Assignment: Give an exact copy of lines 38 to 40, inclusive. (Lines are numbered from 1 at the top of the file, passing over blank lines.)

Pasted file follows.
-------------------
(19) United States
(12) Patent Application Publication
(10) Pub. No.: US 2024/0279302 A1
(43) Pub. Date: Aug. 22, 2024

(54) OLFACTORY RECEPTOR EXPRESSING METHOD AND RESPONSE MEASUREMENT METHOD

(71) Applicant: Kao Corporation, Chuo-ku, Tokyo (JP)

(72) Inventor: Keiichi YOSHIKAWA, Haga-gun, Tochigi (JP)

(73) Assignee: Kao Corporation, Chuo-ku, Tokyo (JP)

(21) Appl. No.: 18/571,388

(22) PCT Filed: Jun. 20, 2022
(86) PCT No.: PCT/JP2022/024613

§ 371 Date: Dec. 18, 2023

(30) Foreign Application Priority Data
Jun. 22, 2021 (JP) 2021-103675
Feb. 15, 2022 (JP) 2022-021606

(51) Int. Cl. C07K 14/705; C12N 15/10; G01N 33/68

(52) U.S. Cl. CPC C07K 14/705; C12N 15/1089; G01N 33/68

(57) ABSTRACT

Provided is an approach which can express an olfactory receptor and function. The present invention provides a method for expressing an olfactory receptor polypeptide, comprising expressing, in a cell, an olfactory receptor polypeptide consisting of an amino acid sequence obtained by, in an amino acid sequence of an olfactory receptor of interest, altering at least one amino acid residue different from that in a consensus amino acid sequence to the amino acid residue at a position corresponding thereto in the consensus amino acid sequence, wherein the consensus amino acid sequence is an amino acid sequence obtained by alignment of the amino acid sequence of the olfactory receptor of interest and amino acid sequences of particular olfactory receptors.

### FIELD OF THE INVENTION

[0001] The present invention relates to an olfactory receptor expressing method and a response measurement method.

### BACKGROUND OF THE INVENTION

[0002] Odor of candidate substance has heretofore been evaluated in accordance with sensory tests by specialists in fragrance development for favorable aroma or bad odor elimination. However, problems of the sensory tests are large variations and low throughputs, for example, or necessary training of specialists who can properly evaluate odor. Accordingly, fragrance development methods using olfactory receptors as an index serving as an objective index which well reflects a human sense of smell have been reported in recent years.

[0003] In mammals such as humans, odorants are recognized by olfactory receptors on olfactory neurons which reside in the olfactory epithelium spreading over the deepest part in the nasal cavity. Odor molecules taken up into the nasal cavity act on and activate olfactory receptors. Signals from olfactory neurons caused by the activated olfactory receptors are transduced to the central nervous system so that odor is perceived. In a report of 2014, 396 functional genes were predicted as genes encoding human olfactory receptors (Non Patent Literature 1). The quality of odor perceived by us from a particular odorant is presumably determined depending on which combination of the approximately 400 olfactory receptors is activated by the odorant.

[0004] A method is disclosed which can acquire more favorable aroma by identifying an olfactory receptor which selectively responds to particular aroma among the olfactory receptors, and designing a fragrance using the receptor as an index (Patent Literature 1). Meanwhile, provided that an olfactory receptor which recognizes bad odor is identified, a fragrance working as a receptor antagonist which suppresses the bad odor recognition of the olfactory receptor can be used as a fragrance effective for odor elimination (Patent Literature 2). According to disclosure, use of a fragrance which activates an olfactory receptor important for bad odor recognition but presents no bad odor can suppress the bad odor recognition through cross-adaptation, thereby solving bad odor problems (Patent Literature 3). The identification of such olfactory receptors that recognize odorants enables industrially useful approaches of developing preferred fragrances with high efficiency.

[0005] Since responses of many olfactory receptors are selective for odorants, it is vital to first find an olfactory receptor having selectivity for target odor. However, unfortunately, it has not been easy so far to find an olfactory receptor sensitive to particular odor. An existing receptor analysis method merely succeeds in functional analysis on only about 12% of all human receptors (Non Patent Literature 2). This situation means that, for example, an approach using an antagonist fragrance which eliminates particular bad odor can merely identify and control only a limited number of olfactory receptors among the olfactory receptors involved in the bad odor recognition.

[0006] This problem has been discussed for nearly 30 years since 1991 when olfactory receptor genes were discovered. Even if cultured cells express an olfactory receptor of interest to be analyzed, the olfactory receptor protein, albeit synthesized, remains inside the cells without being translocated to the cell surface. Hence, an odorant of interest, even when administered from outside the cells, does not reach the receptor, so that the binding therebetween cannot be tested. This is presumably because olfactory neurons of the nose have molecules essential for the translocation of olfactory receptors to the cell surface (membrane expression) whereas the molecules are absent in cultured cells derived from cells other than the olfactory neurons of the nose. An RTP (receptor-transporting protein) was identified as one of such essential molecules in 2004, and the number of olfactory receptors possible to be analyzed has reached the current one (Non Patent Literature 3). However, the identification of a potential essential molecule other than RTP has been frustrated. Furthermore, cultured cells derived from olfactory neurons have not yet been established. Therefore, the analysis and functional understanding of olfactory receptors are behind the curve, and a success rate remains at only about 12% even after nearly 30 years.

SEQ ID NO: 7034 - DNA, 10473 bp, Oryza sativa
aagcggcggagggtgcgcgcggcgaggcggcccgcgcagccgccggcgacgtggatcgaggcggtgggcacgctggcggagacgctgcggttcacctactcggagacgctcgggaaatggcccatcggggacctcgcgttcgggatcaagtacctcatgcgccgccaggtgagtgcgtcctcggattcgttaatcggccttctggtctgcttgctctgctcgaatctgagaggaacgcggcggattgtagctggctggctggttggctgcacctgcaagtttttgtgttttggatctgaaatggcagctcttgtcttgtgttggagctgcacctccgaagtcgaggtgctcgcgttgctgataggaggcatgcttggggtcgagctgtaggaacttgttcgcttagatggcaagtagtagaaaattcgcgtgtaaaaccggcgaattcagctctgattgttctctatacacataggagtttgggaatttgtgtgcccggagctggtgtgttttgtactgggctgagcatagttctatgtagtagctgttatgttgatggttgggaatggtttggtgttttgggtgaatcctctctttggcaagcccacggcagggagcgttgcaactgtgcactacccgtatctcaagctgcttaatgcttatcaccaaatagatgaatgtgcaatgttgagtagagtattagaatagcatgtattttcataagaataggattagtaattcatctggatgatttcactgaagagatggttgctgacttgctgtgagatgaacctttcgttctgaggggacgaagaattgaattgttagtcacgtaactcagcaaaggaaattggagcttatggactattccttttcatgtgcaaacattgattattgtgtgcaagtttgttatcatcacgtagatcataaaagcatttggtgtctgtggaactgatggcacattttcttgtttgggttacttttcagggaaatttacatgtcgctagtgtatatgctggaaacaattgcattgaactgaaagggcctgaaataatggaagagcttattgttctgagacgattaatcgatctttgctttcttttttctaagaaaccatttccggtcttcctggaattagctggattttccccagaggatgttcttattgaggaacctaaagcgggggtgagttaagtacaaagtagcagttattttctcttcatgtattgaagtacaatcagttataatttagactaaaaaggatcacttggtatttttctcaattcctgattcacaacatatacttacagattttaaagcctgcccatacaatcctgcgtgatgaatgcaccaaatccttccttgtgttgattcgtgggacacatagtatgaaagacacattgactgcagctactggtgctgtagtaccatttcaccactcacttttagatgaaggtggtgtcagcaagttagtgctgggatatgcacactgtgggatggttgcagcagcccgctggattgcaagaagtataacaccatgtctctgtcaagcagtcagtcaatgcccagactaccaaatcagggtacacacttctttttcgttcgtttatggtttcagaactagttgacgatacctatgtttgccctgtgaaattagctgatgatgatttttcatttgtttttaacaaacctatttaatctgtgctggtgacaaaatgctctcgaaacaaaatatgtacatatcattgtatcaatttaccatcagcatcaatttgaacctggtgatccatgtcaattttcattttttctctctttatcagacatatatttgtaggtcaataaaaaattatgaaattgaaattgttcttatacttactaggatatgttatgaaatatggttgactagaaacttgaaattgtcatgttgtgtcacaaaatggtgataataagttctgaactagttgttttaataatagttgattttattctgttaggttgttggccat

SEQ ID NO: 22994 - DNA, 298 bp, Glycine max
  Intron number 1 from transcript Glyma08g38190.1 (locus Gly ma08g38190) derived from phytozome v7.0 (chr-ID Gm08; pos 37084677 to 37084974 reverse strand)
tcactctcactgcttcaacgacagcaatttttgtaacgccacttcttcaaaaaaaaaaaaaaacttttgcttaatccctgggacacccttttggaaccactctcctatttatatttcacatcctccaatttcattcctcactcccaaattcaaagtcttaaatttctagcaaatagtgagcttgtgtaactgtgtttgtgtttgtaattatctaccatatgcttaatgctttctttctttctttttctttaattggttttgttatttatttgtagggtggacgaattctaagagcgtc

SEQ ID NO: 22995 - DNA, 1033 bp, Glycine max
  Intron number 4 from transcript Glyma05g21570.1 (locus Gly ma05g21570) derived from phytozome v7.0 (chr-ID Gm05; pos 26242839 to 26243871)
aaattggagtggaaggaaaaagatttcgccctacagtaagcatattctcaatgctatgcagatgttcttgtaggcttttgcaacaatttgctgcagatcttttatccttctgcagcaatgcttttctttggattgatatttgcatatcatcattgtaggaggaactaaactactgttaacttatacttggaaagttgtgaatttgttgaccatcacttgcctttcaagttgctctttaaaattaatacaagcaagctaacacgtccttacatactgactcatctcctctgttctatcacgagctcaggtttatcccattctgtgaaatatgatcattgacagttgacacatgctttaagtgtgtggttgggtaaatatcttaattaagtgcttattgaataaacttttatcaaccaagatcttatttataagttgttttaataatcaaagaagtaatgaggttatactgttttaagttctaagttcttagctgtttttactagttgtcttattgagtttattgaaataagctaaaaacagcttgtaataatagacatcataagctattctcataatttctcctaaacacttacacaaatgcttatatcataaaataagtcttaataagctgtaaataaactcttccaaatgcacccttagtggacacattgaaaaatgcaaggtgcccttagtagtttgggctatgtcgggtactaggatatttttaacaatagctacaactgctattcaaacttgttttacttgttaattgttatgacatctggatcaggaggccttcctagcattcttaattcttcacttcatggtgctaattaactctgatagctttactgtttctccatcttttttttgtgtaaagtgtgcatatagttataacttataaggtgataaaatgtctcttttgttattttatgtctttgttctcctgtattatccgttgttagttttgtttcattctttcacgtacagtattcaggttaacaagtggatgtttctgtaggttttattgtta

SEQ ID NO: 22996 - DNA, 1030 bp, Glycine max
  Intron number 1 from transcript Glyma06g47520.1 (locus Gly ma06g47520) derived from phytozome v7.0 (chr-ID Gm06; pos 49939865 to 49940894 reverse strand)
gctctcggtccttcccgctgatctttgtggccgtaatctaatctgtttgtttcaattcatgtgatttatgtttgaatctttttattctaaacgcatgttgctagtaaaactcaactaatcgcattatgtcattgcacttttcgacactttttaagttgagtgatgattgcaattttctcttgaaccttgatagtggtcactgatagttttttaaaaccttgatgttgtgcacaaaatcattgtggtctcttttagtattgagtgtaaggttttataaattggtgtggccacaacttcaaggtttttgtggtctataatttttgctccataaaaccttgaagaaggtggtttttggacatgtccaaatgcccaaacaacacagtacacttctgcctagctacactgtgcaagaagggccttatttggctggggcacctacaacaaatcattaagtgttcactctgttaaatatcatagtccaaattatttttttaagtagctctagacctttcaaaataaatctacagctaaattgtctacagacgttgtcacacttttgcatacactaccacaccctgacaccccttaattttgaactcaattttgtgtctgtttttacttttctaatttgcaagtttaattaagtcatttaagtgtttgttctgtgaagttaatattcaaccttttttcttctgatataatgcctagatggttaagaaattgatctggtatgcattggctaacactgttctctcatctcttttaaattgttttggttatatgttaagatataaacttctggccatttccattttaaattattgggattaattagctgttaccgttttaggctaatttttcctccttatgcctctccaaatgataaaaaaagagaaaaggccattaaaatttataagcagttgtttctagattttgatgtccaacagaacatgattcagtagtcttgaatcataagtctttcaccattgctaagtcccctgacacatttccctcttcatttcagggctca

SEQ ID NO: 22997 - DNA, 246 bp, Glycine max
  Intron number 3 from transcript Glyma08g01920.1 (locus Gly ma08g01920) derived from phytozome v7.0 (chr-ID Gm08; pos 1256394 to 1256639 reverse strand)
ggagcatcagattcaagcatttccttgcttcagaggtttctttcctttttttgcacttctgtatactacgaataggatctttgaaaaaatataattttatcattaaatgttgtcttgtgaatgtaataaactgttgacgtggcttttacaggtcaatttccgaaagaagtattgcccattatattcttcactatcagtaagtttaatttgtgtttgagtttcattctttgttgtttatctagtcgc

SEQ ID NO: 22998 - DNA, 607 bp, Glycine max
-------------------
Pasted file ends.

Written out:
gctctcggtccttcccgctgatctttgtggccgtaatctaatctgtttgtttcaattcatgtgatttatgtttgaatctttttattctaaacgcatgttgctagtaaaactcaactaatcgcattatgtcattgcacttttcgacactttttaagttgagtgatgattgcaattttctcttgaaccttgatagtggtcactgatagttttttaaaaccttgatgttgtgcacaaaatcattgtggtctcttttagtattgagtgtaaggttttataaattggtgtggccacaacttcaaggtttttgtggtctataatttttgctccataaaaccttgaagaaggtggtttttggacatgtccaaatgcccaaacaacacagtacacttctgcctagctacactgtgcaagaagggccttatttggctggggcacctacaacaaatcattaagtgttcactctgttaaatatcatagtccaaattatttttttaagtagctctagacctttcaaaataaatctacagctaaattgtctacagacgttgtcacacttttgcatacactaccacaccctgacaccccttaattttgaactcaattttgtgtctgtttttacttttctaatttgcaagtttaattaagtcatttaagtgtttgttctgtgaagttaatattcaaccttttttcttctgatataatgcctagatggttaagaaattgatctggtatgcattggctaacactgttctctcatctcttttaaattgttttggttatatgttaagatataaacttctggccatttccattttaaattattgggattaattagctgttaccgttttaggctaatttttcctccttatgcctctccaaatgataaaaaaagagaaaaggccattaaaatttataagcagttgtttctagattttgatgtccaacagaacatgattcagtagtcttgaatcataagtctttcaccattgctaagtcccctgacacatttccctcttcatttcagggctca

SEQ ID NO: 22997 - DNA, 246 bp, Glycine max
  Intron number 3 from transcript Glyma08g01920.1 (locus Gly ma08g01920) derived from phytozome v7.0 (chr-ID Gm08; pos 1256394 to 1256639 reverse strand)